See Strip performers in a different spotlight at Co-Op Cabaret on Main

Christine Rebich performs during the Co-Op Cabaret on Main at Artifice.
Photo: Wade Vandervort

It’s not every day you hear of someone being “huge in the miming industry,” but such is life for a Strip performer.

Inside the Artifice on Monday evening, Co-Op Cabaret on Main is in full swing. The back room’s filled with seats, but it’s so packed that the rest of us stand wedged between one another all the way back to the bar, hoping to get a glimpse of the stage. There’s a lot going on, from live musicians accompanied by dancers and painters, to a stilt-walking scarecrow that ends up in his birthday suit. It’s also where you can see the aforementioned superstar mime, Benedikt Negro of Cirque du Soleil’s O, for free. He’s a Cabaret regular.

Co-Op Cabaret on Main started because Kathleen Langford was tired of waiting for someone else to create the outlet for which she’d been searching. A wardrobe technician at O, Langford launched the Cabaret a year ago (with then-partner Christine Rebich) in the Arts District after longing for a creative hub—“a space where I can just sing my heart out,” she says.

Langford was involved in similar passion projects in Texas, and that experience in performance has helped make the Cabaret a hit. “I used to do cabarets back in San Antonio, where I’m from, and I did a lot of community theater,” she says. “So when I moved to Vegas two years ago, I felt like there needed to be some sort of outlet for performers who are on the Strip.”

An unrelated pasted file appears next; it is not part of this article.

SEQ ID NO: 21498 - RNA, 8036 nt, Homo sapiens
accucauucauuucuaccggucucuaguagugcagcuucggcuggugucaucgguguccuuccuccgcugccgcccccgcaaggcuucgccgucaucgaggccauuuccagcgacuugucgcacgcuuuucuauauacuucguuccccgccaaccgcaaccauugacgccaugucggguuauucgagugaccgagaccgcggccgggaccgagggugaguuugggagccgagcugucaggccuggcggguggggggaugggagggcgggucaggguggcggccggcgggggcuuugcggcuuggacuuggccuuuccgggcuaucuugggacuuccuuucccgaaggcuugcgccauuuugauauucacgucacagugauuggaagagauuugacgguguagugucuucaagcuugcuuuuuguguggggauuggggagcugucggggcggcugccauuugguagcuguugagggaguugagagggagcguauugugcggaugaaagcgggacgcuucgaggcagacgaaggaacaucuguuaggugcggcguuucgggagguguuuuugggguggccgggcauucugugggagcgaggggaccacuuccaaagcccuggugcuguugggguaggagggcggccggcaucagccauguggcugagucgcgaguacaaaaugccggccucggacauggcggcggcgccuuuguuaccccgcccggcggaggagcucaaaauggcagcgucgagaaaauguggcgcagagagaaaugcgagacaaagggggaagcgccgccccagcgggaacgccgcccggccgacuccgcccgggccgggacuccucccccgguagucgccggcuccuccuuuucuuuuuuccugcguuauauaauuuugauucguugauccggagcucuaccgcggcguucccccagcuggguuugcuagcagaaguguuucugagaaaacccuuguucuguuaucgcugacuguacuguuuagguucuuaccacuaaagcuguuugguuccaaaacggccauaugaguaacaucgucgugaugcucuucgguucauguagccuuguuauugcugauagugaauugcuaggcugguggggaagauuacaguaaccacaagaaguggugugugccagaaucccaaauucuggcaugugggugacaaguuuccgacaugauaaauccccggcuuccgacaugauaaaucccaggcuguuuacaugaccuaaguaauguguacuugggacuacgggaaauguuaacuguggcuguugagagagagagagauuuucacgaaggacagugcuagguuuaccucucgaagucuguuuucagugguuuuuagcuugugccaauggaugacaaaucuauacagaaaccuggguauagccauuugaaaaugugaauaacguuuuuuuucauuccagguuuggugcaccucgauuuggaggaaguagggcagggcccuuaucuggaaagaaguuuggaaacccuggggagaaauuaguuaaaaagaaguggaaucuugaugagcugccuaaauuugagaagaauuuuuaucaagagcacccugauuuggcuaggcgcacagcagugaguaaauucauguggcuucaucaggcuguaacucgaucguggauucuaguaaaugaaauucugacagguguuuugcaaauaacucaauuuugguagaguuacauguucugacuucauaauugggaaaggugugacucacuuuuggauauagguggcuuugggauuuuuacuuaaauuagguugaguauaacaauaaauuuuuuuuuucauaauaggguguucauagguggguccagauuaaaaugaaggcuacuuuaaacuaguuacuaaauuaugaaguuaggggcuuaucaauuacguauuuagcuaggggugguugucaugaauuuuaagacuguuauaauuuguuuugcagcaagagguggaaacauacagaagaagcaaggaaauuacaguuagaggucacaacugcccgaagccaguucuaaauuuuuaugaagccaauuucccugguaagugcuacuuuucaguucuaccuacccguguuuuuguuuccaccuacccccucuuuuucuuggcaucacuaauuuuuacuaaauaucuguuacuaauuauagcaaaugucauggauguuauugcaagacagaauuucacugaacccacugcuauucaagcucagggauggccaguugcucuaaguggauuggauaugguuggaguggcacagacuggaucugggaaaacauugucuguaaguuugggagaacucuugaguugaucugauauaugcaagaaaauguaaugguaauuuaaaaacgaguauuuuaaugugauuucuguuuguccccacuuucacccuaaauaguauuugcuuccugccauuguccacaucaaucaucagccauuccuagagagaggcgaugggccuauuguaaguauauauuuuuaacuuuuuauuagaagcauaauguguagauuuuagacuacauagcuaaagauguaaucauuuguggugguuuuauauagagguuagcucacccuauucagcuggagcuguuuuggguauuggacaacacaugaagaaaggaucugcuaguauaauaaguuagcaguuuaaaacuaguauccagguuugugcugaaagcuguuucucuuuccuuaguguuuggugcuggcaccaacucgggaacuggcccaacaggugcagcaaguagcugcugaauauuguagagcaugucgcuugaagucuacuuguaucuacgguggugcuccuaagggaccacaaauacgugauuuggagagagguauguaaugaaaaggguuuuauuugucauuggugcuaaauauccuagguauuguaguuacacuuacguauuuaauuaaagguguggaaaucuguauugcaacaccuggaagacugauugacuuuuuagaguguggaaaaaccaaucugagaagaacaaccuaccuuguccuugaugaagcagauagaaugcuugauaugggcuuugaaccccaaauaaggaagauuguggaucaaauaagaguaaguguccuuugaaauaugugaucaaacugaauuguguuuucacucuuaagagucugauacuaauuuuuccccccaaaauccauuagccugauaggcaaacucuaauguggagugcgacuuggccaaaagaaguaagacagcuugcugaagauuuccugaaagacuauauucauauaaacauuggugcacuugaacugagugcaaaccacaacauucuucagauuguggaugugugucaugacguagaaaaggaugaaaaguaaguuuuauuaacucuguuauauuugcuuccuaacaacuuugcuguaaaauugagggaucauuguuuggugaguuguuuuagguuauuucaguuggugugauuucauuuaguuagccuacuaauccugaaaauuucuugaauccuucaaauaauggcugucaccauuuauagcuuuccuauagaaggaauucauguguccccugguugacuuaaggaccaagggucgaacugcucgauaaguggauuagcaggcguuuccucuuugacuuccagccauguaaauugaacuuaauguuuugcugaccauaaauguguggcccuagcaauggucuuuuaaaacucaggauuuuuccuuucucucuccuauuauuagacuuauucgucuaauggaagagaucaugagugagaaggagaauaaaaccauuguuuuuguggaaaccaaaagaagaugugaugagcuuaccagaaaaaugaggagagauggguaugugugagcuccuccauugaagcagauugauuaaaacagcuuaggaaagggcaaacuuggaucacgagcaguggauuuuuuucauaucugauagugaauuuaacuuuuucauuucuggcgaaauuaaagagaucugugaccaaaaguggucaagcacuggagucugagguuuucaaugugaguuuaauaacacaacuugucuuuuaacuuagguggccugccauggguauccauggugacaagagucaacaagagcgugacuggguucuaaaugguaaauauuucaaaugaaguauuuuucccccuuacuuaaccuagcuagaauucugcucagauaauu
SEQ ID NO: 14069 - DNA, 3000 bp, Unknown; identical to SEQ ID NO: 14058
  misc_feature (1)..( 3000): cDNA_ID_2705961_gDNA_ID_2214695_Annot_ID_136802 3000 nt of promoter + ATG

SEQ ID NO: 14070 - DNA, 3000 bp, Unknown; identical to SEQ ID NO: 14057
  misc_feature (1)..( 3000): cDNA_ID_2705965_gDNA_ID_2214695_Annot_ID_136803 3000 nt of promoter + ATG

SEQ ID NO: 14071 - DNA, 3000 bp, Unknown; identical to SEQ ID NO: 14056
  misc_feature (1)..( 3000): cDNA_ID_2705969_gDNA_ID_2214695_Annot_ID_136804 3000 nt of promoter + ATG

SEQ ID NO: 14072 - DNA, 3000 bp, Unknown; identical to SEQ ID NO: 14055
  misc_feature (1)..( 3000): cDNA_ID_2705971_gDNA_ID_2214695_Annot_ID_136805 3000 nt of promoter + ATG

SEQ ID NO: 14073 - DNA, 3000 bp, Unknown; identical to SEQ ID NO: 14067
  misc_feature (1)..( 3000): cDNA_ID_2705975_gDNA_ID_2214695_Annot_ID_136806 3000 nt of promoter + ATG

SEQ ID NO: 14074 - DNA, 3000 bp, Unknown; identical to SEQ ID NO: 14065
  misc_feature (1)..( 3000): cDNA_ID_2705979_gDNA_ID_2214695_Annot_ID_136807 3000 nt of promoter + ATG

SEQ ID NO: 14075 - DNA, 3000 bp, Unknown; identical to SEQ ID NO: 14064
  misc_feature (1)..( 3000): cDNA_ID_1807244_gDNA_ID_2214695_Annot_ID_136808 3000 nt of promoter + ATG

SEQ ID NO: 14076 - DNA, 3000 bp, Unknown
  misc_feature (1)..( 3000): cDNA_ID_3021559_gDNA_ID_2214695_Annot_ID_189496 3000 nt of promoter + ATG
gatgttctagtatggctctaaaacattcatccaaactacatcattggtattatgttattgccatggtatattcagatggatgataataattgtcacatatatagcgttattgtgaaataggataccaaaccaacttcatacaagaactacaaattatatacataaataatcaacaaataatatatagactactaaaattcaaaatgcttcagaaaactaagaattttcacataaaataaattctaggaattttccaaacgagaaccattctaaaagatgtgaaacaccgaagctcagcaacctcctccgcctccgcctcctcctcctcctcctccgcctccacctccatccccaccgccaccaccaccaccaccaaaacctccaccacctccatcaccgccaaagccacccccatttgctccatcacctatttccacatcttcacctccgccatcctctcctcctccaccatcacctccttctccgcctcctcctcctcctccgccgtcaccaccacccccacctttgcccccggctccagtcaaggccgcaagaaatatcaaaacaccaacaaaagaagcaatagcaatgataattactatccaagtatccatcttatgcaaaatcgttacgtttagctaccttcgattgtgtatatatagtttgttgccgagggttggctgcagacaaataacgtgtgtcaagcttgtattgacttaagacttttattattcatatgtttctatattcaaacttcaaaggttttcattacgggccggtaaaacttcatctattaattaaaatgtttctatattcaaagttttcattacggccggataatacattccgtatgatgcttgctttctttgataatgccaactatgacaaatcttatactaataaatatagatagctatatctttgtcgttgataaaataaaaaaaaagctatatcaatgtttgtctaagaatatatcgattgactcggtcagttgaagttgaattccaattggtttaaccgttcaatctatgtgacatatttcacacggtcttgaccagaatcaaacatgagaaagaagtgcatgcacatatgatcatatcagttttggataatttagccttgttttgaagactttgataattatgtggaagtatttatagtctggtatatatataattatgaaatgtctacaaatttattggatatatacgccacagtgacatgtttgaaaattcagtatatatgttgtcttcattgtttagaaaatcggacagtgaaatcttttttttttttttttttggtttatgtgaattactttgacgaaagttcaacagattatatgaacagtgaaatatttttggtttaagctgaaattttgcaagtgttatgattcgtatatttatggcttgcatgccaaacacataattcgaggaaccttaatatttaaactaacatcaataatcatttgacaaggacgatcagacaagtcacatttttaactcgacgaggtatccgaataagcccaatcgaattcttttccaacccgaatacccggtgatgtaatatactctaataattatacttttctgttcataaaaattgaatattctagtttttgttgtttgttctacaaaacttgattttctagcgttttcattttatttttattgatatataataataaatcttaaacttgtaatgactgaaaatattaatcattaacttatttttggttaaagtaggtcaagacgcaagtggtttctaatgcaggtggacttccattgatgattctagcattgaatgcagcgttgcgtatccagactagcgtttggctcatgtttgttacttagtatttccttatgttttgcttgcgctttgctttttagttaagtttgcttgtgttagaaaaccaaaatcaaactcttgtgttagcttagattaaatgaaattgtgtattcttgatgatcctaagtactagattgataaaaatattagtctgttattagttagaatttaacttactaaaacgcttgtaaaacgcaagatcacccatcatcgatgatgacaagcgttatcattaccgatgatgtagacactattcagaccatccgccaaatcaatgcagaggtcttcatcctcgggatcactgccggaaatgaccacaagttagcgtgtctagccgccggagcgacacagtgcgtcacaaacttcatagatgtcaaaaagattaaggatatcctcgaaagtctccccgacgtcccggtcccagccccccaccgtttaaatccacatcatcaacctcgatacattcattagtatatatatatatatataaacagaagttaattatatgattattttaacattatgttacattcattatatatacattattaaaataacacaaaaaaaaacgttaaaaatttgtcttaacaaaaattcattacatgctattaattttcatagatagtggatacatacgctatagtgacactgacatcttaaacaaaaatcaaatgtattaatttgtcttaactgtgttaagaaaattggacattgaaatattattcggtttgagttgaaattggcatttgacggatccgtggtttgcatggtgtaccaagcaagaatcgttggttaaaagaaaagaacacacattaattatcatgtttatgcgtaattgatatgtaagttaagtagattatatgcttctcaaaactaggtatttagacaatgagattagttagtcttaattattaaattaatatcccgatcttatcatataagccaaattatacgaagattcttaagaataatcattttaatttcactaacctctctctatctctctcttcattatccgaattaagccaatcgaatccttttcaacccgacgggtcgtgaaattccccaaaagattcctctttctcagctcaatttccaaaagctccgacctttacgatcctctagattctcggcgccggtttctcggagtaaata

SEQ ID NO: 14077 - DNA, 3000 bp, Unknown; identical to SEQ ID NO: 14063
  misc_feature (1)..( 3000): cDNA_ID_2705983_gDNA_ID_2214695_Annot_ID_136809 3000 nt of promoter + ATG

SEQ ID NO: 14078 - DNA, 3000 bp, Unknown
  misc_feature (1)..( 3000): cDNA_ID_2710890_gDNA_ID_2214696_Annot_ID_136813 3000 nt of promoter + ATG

Langford says her original twofold goal—to meet fellow artists and to share art among like-minded professionals—has been realized. Co-Op Cabaret on Main just celebrated its first anniversary on November 4 at the Artifice. The event initially launched at Velveteen Rabbit, but it proved so successful it had to move to a larger space.

Other changes are looming, too. Co-founder Rebich decided to step away from producing the show to “redirect” her personal artistry, but will remain connected to the cabaret in other capacities. And as O switches to seven days a week, the Cabaret will also need to restructure. “A lot of my volunteers are from O, so we’re like, ‘Oh, my gosh, what does that mean for us?’” Langford says. As a result, after a hiatus ending in February, Co-Op Cabaret on Main will switch from once a month to once every other month.

“It allows me to sit back and dream about it creatively, [to give] me and my volunteer crew a little bit more time to create a quality show,” Langford says.

When the Cabaret returns early next year, it should be bigger—and, its organizers hope, better than ever before. “[We] just want this for the greater good and for the community,” Langford says. “It’s an awesome team.”

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Leslie Ventura is a staff writer at Las Vegas Weekly and Industry Weekly. She’s picked the brains of rock stars ...

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